Veterans Day falls on November 11th to mark the anniversary of the armistice ending the First World War. Perhaps no other conflict in western history has generated more acknowledgement of the savageness of our species. The furnaces of the Holocaust represent the result of a society gone mad, led by a psychopath into the abyss. The trenches of the Western Front evoke no such emotion. They leave us feeling cold and empty, standing as monuments to, as one song has put it, “man’s blind indifference to his fellow man” as a “whole generation were butchered and damned.”
World War I has not reached the same prominence in the collective memory of the United States as it has in Europe. Perhaps this was due to the brevity of our involvement. Or perhaps we have simply allowed the “great crusade” of the Second World War to eclipse the pointless struggles of the First, seeking comfort in the knowledge that our fellow citizens died fighting evil while forgetting that a good many died for no apparent reason.
Things are quite different in Western Europe. The British cannot forget that, on July 1, 1916, nearly 20,000 British soldiers were killed on the first day of the Battle of the Somme. One does not have to look far to see why the French and Germans have an equal sense of remembrance; Europe is littered with collections of “countless white crosses.”
The wars of the past century were quite different from those of our time. During World War II, every community had gold stars hanging in house windows. Now, after 9 years of war, the number of American service personnel who have died equals only about a quarter of the British dead on one day of one battle in the First World War. The vast majority of us have not been touched by war, nor will we ever be. We can live our lives in peace, sacrificing nothing, giving nothing, and all the while expecting that status quo to remain untouched, while a tiny sliver of our society is sent to the desolate corners of the world to fight a dangerous enemy in conflicts most of us would rather forget.
It has been said that the greatest gift we can give our veterans is to bring them home. Perhaps this is the case, or perhaps it is their job to protect us and the rest of us must accept the guilt of not having done our part. But the fact that this question is so rarely raised in our public discourse is telling. We have not learned the lessons of history. We have not remembered the terrible price our service members must pay. Instead, we have swept such concerns under the rug of our own self absorption. And all the while veterans are coming home maimed, both physically and mentally, returning to too little support from the society they sacrificed to protect. Why are we not asking more questions? What does “victory” in Afghanistan look like? Is propping up yet another corrupt government worth the cost in American lives? Or are we there for a humanitarian mission? And if so, is Afghanistan really the best place for us to be? What of the genocide in Darfur? And what will we ask of our servicemen and women if Iran gains nuclear weapons or Pakistan devolves into civil war?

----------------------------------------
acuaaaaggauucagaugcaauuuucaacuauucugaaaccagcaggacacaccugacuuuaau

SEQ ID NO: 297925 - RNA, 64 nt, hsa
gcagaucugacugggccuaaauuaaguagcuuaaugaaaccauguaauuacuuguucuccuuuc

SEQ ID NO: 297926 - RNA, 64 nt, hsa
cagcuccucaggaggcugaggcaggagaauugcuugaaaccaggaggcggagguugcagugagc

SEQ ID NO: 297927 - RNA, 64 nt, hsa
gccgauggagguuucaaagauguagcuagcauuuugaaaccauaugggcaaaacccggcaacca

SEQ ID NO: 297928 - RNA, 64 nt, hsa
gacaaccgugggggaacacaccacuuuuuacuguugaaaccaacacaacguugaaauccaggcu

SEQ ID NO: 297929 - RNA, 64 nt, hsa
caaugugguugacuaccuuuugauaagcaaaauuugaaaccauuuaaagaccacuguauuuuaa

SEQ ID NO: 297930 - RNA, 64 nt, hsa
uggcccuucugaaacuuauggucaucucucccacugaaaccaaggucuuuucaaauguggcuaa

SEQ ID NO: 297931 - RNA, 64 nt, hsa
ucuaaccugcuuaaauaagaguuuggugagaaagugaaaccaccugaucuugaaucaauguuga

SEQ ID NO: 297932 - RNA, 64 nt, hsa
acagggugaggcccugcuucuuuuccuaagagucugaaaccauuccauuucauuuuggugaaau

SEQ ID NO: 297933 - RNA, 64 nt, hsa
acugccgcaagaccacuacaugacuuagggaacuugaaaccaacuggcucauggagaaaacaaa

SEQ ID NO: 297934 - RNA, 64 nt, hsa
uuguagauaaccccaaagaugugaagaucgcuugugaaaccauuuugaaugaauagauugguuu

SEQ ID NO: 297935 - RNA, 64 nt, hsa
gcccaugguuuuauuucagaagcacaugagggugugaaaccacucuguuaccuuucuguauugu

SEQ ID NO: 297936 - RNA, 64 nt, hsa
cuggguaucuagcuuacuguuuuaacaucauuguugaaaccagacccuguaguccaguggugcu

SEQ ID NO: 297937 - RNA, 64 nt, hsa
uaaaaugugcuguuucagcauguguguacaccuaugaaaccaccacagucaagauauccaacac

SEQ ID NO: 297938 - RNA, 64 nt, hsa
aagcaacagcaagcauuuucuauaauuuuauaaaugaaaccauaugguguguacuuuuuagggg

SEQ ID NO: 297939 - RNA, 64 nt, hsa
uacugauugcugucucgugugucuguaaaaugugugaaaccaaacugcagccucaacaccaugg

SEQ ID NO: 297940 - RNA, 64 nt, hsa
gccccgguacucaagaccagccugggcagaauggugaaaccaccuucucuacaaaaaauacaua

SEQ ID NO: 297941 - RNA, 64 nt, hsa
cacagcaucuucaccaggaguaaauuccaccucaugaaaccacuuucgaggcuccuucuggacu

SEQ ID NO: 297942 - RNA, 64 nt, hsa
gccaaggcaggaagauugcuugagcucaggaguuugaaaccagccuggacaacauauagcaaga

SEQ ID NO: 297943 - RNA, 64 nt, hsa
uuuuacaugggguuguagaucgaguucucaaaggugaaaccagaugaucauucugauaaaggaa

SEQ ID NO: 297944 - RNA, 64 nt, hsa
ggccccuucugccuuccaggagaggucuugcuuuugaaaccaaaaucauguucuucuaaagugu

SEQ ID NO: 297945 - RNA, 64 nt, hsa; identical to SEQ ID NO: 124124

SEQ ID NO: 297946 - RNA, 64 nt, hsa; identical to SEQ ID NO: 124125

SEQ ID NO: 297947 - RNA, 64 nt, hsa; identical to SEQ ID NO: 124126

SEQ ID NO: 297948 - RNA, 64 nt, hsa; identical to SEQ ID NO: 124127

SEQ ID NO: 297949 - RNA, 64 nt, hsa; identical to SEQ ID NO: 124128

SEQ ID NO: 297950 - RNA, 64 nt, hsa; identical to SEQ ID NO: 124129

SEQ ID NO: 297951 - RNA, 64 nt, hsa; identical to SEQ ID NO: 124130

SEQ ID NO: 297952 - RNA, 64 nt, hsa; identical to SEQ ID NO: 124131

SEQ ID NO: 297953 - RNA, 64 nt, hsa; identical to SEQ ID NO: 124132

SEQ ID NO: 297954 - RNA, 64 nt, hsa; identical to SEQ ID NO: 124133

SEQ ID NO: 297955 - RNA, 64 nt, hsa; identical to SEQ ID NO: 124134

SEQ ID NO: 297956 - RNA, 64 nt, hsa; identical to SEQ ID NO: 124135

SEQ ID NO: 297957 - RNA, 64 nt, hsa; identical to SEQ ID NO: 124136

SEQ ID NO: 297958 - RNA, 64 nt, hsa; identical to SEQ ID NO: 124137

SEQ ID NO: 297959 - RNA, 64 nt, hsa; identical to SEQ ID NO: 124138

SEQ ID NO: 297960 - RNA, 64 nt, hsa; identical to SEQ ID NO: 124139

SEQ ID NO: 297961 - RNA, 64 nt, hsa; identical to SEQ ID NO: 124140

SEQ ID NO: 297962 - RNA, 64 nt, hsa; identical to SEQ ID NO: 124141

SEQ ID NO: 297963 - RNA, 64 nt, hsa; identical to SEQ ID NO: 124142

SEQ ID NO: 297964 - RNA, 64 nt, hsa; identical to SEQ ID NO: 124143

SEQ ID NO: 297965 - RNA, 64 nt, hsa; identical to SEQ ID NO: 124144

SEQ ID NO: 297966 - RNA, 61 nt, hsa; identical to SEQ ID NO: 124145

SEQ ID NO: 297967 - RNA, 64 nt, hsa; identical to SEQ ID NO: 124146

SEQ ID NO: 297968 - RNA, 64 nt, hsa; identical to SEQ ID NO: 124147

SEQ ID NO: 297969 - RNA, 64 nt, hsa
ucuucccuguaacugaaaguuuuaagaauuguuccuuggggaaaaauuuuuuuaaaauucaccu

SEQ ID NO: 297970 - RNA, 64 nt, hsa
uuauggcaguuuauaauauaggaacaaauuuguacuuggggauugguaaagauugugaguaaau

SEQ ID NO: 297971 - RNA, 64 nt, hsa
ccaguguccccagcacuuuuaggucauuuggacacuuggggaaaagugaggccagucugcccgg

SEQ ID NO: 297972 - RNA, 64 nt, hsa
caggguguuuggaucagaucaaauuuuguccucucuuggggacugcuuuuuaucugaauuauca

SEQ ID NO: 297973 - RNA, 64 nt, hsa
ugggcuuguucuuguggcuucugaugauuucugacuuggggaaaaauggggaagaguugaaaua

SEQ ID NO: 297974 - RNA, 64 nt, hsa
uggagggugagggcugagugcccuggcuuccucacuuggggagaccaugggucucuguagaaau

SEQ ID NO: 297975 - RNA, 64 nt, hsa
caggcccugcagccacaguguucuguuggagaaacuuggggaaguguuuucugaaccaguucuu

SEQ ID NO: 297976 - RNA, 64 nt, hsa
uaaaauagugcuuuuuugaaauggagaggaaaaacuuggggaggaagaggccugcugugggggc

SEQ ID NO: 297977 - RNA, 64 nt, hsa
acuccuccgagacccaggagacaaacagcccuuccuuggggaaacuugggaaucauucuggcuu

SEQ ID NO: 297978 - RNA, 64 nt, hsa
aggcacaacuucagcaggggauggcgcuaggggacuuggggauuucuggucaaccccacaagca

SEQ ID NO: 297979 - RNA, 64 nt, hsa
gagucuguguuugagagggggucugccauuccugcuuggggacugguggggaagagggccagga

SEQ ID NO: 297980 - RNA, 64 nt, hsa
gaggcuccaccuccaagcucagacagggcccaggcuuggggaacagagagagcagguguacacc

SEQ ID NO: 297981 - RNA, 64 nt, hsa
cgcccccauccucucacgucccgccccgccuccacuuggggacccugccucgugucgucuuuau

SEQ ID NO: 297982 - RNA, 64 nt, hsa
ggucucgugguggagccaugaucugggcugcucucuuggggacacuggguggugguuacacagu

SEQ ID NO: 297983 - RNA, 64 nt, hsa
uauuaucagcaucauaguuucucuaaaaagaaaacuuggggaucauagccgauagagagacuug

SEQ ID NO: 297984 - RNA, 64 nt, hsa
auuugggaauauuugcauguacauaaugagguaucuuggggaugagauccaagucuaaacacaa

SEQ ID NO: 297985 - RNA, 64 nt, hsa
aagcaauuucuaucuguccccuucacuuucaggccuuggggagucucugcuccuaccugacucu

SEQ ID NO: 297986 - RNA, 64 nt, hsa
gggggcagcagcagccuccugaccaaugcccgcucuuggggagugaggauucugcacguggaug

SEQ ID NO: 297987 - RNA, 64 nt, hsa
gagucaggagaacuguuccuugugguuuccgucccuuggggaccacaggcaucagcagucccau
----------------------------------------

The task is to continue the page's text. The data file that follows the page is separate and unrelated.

To answer these questions, we must remember the lessons of history. And so I will leave you with one of the lessons of the First World War, as captured by Wilfred Owen, a man who would have been one of the great poets of the 20th century had he not been killed a mere seven days before Armistice Day 1918.
Dulce et Decorum Est
Bent double, like old beggars under sacks,
Knock-kneed, coughing like hags, we cursed through sludge,
Till on the haunting flares we turned our backs
And towards our distant rest began to trudge.
Men marched asleep. Many had lost their boots
But limped on, blood-shod. All went lame; all blind;
Drunk with fatigue; deaf even to the hoots
Of tired, outstripped Five-Nines that dropped behind.
Gas! Gas! Quick, boys!—An ecstasy of fumbling,
Fitting the clumsy helmets just in time;
But someone still was yelling out and stumbling
And flound’ring like a man in fire or lime…
Dim, through the misty panes and thick green light,
As under a green sea, I saw him drowning.
In all my dreams, before my helpless sight,
He plunges at me, guttering, choking, drowning.
If in some smothering dreams you too could pace
Behind the wagon that we flung him in,
And watch the white eyes writhing in his face,
His hanging face, like a devil’s sick of sin;
If you could hear, at every jolt, the blood
Come gargling from the froth-corrupted lungs,
Obscene as cancer, bitter as the cud
Of vile, incurable sores on innocent tongues,—
My friend, you would not tell with such high zest
To children ardent for some desperate glory,
The old Lie: Dulce et decorum est
Pro patria mori.